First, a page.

JP Morgan warns Britain is powerless to stop exodus of financial firms post-Brexit
US bank JP Morgan said it could relocate thousands of its 16,000 UK staff to Europe once Brexit comes into effect in two years’ time in a bid to retain financial passport rights and guarantee seamless services to EU customers.
Chief Executive Jamie Dimon said that while current plans allow for the relocation of several hundred UK bankers, that number could soar according to what plays out during Brexit negotiations.
“If the EU determines over time that they want to start to move a lot more jobs out of London and into the EU, they can simply dictate that,” he said during a panel discussion at the Paris Europlace International Financial Forum on Tuesday.
He then explained that a great portion of the UK’s bank operations have been propped up to deal with requests by the 27 EU member states, suggesting a lot of those positions risk being moved elsewhere.
“We have 16,000 people in the UK but ... 75 percent of that is servicing EU companies, and if regulators say one day, you know, ‘We’re not comfortable with your risk people, your lawyers, your compliance being in the UK,’ they can make us move it.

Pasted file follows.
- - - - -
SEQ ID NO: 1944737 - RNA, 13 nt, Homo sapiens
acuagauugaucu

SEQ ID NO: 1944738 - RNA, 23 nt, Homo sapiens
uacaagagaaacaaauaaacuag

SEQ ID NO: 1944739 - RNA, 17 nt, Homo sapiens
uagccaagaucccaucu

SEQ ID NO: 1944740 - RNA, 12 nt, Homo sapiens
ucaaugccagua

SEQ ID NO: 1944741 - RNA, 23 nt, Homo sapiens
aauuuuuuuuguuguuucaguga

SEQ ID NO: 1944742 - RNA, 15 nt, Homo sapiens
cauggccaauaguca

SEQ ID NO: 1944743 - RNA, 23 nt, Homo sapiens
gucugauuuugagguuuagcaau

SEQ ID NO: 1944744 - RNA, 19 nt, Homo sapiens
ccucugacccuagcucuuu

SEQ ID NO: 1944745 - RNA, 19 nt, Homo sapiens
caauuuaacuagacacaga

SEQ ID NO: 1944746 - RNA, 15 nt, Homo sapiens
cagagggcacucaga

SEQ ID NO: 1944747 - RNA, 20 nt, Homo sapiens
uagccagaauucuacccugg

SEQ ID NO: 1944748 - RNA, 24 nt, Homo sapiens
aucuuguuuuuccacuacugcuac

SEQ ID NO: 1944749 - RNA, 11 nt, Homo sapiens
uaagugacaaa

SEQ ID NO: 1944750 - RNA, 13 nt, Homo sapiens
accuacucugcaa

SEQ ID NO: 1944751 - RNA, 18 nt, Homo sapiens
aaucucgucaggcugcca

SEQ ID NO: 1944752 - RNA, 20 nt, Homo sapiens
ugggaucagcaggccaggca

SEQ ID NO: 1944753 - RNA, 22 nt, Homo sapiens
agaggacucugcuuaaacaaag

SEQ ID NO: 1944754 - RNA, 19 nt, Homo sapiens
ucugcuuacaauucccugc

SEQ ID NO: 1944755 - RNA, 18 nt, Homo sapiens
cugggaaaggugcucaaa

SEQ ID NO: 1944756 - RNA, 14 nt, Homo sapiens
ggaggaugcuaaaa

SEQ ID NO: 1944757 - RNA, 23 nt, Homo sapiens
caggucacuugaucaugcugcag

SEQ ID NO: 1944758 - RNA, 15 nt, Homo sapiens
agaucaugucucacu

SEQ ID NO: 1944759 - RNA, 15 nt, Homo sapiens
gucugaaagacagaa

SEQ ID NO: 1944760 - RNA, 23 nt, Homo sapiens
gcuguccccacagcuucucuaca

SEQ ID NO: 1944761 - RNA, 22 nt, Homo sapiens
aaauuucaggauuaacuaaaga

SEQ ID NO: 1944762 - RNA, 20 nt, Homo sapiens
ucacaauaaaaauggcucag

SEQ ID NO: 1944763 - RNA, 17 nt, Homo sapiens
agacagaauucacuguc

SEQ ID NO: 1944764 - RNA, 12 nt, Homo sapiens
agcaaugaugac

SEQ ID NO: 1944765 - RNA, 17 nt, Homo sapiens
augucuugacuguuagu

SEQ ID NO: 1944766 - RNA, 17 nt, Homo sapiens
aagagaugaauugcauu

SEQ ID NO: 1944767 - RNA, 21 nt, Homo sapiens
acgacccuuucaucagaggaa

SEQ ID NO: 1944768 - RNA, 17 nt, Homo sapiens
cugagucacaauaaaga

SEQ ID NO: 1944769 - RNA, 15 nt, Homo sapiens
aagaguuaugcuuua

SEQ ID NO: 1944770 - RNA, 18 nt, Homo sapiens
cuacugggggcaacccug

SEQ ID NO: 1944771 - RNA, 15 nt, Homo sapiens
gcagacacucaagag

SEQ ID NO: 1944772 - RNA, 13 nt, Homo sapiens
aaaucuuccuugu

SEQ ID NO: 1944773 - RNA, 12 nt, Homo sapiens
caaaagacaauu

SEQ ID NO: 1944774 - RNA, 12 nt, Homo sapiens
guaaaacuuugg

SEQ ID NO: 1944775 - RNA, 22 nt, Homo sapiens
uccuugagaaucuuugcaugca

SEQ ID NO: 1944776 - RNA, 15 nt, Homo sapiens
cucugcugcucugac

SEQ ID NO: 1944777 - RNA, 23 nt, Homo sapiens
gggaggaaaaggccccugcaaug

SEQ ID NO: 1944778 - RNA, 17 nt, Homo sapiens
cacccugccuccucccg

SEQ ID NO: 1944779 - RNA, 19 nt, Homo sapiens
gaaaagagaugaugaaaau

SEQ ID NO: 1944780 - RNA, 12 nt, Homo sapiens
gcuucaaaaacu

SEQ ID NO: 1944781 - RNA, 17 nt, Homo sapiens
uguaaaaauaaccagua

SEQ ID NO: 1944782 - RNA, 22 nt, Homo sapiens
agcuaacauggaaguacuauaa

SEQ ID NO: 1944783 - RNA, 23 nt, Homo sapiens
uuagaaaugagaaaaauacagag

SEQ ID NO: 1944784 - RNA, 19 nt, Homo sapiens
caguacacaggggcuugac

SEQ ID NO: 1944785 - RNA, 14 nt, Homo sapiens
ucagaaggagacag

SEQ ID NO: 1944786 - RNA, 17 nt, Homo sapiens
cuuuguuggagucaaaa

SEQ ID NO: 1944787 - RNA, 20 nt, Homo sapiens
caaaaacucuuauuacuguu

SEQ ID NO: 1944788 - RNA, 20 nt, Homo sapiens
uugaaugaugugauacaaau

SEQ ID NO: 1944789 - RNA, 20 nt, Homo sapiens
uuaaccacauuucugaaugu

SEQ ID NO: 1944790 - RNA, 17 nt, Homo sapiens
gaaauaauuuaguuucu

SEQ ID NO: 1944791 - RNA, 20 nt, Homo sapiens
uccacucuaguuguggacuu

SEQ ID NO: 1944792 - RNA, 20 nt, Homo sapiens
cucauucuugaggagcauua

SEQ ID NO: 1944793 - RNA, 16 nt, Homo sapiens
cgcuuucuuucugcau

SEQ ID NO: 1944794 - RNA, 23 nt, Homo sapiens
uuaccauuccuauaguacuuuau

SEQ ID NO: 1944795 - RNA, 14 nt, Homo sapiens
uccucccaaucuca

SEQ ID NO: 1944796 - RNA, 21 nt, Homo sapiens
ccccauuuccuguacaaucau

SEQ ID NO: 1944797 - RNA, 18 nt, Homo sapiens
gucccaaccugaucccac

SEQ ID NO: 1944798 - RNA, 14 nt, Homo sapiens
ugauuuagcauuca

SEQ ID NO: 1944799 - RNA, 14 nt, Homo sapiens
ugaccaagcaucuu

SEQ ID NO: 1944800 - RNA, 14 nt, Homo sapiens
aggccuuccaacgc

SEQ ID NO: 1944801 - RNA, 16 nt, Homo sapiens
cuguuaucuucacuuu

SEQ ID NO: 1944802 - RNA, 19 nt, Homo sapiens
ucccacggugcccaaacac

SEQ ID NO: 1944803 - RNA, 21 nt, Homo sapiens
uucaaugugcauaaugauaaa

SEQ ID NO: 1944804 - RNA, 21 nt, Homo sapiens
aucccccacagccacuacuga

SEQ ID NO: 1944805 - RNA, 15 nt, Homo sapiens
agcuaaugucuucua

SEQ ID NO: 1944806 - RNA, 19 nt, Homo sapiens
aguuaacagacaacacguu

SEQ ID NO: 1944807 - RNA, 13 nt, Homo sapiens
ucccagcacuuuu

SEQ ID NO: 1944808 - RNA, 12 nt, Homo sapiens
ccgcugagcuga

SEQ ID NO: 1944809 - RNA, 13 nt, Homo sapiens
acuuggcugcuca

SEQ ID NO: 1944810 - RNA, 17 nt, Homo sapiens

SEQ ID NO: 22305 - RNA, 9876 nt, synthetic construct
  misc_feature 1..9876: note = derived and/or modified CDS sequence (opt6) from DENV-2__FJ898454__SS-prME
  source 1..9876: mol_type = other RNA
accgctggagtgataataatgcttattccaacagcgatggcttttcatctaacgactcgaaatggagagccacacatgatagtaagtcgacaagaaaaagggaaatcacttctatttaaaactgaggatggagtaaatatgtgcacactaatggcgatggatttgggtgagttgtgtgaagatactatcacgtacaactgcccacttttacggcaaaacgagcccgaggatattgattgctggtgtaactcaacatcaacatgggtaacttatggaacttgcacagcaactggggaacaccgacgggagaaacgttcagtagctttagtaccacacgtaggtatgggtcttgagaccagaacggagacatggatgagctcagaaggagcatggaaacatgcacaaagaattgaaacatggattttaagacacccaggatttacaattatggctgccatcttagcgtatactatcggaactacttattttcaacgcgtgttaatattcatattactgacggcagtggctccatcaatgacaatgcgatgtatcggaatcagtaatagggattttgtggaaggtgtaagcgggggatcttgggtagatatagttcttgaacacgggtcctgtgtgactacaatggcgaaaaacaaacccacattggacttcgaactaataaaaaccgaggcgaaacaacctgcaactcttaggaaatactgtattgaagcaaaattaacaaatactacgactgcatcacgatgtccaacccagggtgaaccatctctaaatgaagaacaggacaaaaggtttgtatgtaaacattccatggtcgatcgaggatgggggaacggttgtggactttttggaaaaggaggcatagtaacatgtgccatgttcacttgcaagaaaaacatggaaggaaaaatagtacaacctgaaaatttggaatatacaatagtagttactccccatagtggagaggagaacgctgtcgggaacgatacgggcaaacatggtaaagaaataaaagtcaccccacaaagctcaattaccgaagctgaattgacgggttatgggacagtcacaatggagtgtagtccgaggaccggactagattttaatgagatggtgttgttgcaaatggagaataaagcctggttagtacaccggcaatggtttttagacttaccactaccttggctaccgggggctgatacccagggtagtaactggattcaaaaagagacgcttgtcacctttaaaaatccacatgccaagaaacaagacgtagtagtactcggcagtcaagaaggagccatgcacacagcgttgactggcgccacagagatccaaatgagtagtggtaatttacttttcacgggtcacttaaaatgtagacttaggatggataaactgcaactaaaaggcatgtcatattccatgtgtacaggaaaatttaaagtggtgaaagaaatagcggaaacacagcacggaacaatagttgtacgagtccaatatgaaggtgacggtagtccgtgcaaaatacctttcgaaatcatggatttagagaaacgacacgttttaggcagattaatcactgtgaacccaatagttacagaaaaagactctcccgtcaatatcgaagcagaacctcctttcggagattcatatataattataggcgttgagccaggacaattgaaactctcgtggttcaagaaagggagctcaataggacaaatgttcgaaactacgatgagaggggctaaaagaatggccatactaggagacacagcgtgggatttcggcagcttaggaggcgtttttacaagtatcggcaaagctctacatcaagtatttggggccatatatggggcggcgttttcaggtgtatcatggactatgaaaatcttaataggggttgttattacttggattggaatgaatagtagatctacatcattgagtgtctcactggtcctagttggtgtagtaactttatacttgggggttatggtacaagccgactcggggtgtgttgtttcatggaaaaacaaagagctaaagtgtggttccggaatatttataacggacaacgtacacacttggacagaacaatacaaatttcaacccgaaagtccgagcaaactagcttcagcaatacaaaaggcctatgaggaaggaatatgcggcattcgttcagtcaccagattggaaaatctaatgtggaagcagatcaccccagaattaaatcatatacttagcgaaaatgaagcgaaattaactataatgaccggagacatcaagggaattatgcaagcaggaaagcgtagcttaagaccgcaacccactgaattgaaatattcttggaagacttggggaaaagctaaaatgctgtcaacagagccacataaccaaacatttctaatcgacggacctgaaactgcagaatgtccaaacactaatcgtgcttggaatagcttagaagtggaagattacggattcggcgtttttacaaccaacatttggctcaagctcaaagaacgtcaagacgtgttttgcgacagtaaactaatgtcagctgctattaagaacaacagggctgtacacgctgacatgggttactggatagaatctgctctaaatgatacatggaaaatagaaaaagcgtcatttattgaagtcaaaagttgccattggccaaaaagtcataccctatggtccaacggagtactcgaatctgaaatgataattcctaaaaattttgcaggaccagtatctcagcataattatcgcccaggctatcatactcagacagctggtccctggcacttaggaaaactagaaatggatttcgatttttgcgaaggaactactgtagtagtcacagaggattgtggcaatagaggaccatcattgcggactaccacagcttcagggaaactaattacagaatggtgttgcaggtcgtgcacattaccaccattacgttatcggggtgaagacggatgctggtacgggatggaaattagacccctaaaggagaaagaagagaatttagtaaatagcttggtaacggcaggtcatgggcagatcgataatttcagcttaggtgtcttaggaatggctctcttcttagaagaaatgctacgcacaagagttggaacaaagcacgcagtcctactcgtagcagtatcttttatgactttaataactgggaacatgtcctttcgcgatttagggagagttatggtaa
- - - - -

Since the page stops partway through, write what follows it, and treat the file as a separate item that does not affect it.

“So we will simply be subject to what they do down the road.”
JP Morgan earlier said it would likely relocate its EU operations to Frankfurt, Dublin and Luxembourg, but they could also spread to the bank’s additional branches in Paris, Milan, Madrid and Stockholm.
The news comes as managing director of Samsung Next Felix Petersen warns the company would seek to relocate to the German capital of Berlin as London is now only accessible to the “rich.”
He claimed Samsung had chosen Berlin as base for its new European division because its affordable prices mean people could have more value out of their money.
“In Berlin, you can do stuff without much money. You can bike around or sit in the park. There are uncommercialized zones. You can experiment and play around with technology in a more relaxed environment.
“In London, the cost of living, the cost of getting around and the infrastructure mean it’s not a fun place to live unless you are really rich, especially for young people,” Petersen said.
He added that living in London is near-impossible for those looking to put up a family.
The average price for a property in London has gone up to £500,000 (US$643,000), making Britain’s capital one of the most expensive cities in the world.
By comparison, Berlin is still relatively affordable, especially compared to Germany’s other two main cities, Munich and Frankfurt.